How to Check Plug Wires With a Multimeterby Jack Hathcoat
Testing spark plug wires with an multimeter is a good way to verify they are in working condition. When spark plug wires fail the car will hesitate, stumble and jerk, especially going up a hill or under a load. If the car runs especially badly on a rainy day, that can be one sign that plug wires are faulty. Using an multimeter, or ohm meter, will verify if the wires are capable of delivering the required voltage to the spark plug, but a close inspection of the insulation and plug boots is also necessary.
Remove the wire to be tested. Carefully examine it if it is a carbon wire, which is used on most domestic cars. This wire design generates heat due to its resistive qualities and can break down over time. Look for heat marks, cracks or insulation failure. If the wire is an import, it may have a winding design. This creates an inductive field around the wire that contains the interference. Inspect it for similar failures.
Set the ohmmeter to the appropriate scale and measure the wire. For the domestic wire a good reading is no greater than 12,000 ohms per foot. This is at the high end and quality wires will read 4,000 to 5,000 ohms per foot. Refer to the repair manual for import plug wire specifications. Test the wire from end to end with the leads of the meter. The lead colors do not matter for this test: one at one end, one at the other end. Note the reading.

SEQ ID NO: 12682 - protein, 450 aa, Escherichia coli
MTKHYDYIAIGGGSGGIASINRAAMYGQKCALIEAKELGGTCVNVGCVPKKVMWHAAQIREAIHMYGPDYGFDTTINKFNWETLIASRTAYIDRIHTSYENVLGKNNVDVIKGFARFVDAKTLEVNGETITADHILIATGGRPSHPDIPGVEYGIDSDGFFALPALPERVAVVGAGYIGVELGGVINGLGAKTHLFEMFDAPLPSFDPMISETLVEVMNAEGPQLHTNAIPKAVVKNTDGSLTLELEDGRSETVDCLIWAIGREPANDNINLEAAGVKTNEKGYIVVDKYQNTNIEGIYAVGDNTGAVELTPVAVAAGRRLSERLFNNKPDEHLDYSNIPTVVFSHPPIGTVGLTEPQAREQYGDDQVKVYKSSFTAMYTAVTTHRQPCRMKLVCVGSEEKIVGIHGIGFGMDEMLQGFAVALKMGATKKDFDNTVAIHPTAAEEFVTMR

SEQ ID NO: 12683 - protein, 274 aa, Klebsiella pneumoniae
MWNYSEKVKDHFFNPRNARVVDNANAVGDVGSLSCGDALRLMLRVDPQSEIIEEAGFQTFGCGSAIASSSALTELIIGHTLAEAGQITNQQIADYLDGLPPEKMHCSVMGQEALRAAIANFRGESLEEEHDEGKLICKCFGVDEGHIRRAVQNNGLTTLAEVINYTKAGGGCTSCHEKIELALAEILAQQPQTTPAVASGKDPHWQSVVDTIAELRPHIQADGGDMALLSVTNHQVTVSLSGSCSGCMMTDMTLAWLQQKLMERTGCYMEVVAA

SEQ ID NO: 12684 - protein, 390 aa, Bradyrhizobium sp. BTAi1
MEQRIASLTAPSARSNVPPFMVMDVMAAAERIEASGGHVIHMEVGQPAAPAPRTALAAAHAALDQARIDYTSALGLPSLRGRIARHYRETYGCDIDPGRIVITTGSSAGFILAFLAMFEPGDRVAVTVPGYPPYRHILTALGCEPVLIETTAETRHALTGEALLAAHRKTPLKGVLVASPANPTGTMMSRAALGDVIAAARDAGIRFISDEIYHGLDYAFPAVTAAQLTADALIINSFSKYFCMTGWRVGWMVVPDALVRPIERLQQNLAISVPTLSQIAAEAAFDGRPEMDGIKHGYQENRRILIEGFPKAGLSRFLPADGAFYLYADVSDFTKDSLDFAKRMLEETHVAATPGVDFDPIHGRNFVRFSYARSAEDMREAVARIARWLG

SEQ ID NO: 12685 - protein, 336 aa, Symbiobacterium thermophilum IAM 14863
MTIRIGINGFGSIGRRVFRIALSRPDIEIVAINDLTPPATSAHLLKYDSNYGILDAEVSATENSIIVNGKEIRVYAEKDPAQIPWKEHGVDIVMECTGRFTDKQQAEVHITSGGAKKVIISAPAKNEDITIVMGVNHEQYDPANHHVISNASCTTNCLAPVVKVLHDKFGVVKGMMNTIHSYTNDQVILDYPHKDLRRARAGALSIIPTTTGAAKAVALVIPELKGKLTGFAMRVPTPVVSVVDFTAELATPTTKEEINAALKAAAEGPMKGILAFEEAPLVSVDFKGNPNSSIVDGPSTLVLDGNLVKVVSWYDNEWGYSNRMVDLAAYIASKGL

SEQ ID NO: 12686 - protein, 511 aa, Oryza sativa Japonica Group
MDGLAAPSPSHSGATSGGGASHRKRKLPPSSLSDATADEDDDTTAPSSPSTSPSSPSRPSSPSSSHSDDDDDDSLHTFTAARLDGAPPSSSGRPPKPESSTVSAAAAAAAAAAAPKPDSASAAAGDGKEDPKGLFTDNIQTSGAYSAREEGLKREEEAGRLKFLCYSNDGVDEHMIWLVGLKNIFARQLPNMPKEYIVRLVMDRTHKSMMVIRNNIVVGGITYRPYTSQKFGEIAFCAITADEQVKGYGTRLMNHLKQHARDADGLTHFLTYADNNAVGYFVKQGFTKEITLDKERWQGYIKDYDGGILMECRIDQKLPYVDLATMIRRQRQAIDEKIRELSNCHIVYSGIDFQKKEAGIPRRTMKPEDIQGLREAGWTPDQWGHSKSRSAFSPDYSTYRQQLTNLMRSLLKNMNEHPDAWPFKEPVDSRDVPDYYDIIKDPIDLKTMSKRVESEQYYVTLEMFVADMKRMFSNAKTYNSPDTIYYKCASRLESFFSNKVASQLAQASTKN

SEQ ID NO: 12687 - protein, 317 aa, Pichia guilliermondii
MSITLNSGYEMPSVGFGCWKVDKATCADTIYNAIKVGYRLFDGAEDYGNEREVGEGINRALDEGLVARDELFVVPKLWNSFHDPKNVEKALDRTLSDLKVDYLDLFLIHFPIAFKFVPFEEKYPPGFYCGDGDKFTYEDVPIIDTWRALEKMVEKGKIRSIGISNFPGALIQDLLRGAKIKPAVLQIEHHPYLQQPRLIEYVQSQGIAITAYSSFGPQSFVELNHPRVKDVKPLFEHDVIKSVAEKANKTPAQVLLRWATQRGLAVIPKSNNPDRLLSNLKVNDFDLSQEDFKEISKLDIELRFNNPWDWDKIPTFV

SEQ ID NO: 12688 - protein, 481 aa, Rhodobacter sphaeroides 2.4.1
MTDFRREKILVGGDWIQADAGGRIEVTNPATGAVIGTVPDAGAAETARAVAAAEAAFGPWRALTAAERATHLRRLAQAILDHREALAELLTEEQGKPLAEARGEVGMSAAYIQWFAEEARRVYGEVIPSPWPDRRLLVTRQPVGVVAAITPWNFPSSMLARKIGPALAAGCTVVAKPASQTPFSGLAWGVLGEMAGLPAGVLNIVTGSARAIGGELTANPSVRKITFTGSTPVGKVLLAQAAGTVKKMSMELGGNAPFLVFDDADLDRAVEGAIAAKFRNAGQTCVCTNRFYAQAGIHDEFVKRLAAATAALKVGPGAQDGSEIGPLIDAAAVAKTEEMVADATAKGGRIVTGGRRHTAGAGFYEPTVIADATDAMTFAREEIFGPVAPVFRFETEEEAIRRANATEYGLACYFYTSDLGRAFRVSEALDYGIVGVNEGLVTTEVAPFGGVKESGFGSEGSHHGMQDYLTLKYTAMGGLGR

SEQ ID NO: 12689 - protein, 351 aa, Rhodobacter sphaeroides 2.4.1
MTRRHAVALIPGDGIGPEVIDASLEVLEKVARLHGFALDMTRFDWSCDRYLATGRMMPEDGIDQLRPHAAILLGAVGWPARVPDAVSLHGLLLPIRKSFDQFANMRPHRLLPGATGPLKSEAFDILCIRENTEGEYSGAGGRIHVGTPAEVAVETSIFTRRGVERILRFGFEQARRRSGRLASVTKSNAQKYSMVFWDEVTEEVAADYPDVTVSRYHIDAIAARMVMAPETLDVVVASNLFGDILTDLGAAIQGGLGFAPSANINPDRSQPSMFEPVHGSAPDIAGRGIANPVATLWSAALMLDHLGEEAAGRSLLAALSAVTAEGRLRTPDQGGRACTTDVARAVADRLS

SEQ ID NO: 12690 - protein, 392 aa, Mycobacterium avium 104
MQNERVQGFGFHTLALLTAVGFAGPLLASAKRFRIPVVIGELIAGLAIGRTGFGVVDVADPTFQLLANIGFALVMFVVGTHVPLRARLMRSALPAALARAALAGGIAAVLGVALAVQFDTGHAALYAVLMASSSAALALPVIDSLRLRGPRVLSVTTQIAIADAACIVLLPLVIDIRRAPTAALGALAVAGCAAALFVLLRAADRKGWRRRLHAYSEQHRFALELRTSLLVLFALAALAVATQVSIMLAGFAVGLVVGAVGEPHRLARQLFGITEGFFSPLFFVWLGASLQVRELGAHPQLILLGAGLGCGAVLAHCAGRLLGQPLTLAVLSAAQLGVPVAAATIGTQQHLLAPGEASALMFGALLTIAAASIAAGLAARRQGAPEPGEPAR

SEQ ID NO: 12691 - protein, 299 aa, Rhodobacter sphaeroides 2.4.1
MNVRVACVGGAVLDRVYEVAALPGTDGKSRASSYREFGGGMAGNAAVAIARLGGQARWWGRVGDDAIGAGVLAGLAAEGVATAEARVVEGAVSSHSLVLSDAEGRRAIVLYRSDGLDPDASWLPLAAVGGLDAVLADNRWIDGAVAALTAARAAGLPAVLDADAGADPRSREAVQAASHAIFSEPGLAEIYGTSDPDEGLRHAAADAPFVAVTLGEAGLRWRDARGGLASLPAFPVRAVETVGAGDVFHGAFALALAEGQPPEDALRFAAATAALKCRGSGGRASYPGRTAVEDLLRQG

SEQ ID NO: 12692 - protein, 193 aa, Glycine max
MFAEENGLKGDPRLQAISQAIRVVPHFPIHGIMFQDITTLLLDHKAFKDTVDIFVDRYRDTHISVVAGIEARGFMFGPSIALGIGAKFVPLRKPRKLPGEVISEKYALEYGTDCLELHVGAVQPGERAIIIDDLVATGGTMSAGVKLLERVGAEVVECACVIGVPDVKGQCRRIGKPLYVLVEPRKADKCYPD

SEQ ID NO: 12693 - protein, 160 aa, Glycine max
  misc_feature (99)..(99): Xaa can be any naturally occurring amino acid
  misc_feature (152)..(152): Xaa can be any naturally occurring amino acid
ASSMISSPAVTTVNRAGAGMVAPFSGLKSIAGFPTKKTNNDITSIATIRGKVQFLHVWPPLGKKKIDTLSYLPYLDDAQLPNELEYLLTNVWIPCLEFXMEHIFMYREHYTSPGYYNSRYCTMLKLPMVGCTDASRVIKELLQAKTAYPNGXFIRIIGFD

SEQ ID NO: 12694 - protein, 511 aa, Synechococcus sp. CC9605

Lubricate inside the plug wire boot before installing it onto the spark plug. Heat sears the boot onto the porcelain insulator and can make it difficult to remove. Boot release can be found at any auto parts store. Replace any defective wires before re-installing. If two or more wires are found to be defective on the vehicle being tested, purchase and install a complete set.
Things You'll Need
- Tape measure
- Spark plug boot release
Jack Hathcoat has been a technical writer since 1974. His work includes instruction manuals, lesson plans, technical brochures and service bulletins for the U.S. military, aerospace industries and research companies. Hathcoat is an accredited technical instructor through Kent State University and certified in automotive service excellence.